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Plans filed to build new neighborhood north of Rock Chalk Park in northwest Lawrence


Living next to a recreation center would be great. I could exercise by osmosis. I don’t know if that is what is driving it, but plans for a major new housing development north of Rock Chalk Park have been filed.

Lawrence businessman Michael Garber has filed plans to build an approximately 230-home single-family neighborhood just north of Rock Chalk Park, which houses the city’s Sports Pavilion recreation center and the University of Kansas’ track and field, softball, soccer and tennis facilities.

Currently, most of the property Garber is seeking to develop is not in the Lawrence city limits. He’s filed a request to annex about 97 acres into the city limits. If some of this sounds familiar it is because Garber, who owns a property management business in Lawrence, has made similar annexation requests to the city before. But the Lawrence-Douglas County Planning Commission has balked at expanding the city limits northward.

The property does have an interesting element: It is in the Perry-Lecompton school district. That means you could possibly have a home there, see Free State High or Langston Hughes Elementary from your porch, but your kids wouldn’t be able to attend those schools. Instead, they would go to schools in Lecompton or Perry, which are about 15 minutes or 10 miles northwest of the site.

Parents in the neighborhood could ask the Lawrence district to accept their students as transfers. But past administrators have said that is unlikely because it creates a tough financial situation for the district. The Lawrence district doesn't get to collect taxes on development that occurs in the Perry-Lecompton district.

The plan now is to design the neighborhood to appeal to “empty nesters and retirees who are looking to downsize,” according to documents filed with City Hall. That means homes likely would be about 1,400 square feet and would be below a price of $200,000, in today’s dollars.

Below is a conceptual layout of the neighborhood.

A proposed concept plan for a new housing development north of Rock Chalk Park. Courtesy: City of Lawrence

A proposed concept plan for a new housing development north of Rock Chalk Park. Courtesy: City of Lawrence by Chad Lawhorn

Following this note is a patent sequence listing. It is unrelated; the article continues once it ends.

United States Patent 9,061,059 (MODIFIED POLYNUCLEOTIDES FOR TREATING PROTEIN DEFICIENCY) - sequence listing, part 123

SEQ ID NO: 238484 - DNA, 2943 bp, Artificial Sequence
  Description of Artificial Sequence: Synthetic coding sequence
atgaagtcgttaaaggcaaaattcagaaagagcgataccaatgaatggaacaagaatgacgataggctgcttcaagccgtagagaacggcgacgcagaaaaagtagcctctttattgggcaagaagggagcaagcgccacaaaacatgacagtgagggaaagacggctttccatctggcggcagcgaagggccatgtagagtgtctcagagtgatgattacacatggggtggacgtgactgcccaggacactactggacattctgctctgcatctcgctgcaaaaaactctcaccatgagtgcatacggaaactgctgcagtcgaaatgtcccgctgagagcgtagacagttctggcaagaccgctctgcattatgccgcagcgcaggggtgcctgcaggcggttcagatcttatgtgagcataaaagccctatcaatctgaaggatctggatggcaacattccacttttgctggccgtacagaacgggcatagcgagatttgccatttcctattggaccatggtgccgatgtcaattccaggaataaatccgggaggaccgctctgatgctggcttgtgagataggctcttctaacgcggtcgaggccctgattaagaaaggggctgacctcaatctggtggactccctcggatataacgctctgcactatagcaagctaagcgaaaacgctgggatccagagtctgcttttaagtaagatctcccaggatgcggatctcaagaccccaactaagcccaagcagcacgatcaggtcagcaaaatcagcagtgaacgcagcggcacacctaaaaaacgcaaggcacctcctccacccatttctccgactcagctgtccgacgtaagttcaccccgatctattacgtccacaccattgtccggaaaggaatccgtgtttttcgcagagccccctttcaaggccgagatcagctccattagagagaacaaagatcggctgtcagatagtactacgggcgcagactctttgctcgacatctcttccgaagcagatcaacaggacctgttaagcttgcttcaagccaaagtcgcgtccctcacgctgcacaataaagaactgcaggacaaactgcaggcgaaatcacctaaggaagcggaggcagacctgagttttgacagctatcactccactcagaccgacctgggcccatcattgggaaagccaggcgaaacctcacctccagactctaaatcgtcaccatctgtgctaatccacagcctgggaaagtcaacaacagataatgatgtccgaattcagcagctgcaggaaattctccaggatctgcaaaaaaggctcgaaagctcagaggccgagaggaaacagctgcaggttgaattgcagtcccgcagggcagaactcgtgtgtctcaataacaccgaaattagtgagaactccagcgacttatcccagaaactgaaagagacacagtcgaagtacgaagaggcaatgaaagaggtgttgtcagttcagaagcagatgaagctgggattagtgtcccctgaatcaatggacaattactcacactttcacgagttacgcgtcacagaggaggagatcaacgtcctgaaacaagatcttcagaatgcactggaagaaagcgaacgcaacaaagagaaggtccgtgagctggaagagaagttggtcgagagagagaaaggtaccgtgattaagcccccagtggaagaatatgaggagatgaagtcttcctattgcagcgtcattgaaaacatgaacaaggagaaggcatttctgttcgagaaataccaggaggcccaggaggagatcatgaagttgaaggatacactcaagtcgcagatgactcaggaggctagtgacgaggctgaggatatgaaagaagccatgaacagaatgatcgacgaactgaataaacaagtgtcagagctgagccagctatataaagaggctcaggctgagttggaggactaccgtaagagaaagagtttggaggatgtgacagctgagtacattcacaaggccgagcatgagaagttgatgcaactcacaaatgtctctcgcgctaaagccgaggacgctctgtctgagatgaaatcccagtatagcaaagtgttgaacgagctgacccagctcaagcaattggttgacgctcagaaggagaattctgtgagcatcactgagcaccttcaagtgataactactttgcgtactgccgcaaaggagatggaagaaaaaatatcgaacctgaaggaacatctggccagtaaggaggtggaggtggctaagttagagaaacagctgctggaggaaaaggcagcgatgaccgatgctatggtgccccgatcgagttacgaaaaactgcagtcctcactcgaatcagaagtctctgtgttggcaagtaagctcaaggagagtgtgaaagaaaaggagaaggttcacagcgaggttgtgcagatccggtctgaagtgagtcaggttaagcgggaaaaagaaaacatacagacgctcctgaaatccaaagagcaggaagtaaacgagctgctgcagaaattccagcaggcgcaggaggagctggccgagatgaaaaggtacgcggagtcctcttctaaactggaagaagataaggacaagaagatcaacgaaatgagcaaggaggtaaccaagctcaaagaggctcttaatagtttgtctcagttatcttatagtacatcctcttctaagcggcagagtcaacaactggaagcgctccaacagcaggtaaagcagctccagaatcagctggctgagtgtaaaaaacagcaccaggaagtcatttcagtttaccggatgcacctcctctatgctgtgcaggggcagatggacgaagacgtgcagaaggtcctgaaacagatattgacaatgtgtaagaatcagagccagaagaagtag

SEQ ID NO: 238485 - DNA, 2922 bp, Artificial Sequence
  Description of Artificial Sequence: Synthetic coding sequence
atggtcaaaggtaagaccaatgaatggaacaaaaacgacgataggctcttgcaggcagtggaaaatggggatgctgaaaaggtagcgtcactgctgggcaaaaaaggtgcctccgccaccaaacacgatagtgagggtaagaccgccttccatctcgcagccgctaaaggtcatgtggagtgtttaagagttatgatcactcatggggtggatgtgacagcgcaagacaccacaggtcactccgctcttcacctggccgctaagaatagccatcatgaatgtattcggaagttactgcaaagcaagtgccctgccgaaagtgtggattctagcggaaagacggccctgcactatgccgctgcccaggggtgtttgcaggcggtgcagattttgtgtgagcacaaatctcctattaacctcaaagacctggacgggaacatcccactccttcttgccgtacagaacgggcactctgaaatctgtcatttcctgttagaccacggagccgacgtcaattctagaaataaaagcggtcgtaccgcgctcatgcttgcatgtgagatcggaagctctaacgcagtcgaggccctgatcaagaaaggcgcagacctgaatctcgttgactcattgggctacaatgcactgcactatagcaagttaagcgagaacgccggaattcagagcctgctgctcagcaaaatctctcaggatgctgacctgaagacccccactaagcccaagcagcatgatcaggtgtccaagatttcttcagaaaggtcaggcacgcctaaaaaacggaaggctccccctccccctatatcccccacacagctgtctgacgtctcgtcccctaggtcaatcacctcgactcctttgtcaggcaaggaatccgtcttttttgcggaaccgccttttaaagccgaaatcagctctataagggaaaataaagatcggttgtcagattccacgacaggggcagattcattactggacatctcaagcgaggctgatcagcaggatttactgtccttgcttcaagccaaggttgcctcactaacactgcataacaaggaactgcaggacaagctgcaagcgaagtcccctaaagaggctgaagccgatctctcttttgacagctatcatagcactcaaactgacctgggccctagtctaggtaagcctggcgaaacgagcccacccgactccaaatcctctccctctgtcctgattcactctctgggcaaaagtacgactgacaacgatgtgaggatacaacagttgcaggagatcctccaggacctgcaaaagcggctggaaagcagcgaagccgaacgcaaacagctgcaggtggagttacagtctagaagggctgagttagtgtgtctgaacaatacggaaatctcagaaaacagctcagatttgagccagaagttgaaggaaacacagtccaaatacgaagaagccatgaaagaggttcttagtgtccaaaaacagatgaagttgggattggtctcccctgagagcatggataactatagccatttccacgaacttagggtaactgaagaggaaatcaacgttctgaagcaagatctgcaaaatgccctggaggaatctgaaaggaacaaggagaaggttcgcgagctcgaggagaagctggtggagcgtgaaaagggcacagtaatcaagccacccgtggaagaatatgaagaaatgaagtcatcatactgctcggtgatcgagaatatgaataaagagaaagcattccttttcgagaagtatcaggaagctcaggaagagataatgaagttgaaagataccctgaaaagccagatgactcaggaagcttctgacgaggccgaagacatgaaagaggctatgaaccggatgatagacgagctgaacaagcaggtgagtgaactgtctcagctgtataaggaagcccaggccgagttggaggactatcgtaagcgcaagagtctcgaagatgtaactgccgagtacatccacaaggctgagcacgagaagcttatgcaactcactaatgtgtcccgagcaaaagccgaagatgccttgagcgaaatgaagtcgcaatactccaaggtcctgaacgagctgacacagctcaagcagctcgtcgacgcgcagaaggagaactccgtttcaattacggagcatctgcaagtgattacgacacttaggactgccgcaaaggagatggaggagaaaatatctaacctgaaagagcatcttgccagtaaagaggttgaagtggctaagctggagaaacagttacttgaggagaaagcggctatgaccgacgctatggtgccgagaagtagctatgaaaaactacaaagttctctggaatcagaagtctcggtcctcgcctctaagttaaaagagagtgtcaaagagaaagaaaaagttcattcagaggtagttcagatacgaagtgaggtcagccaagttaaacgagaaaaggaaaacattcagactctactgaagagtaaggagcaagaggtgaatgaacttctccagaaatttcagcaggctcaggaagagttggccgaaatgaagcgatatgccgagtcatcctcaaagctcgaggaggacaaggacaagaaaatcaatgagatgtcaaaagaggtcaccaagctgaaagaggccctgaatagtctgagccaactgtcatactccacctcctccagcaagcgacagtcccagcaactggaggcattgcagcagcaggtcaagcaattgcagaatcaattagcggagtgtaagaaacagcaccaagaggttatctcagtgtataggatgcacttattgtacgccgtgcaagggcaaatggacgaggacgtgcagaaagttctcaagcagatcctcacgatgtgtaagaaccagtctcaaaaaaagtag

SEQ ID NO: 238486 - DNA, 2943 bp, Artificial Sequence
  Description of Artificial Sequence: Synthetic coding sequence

The project will require some significant infrastructure improvements. A city sewer line already goes through the area, but East 902 Road, largely a gravel road today, would need to be converted into a city street. A city waterline would be added at the same time. Those infrastructure improvements are expected to cost $4.5 million to $5.5 million, according to the plans. The developers propose forming a benefit district, which is a system where the city finances the project but property owners in the area pay for it through special assessments on their property tax bills. Sometimes the city at large chips in to pay a portion of the expenses, but not always. Whether the city at large would pay for any of the road could be a sticking point with this City Commission.

As I noted, the city previously has balked at annexing this property and opening the door for major development in the area. David Hamby, and engineer with BG Consultants who is working on the project, said a couple of things have changed since that time. Lawrence Memorial Hospital has announced plans to build a $93 million outpatient medial building on property adjacent to Rock Chalk Park. Hamby said the facility — which will have multiple doctors offices, therapy services and other medical providers — would be an attractive amenity, especially for folks in the retiree market.

The other factor at play, Hamby said, is the city’s affordable housing issue. He contends that part of what is driving up housing prices in Lawrence is a lack of available housing lots in new subdivisions. While those new subdivisions aren’t always the place where affordable housing gets built, a lack of building lots in the city ultimately drives up housing prices across all sectors of the market.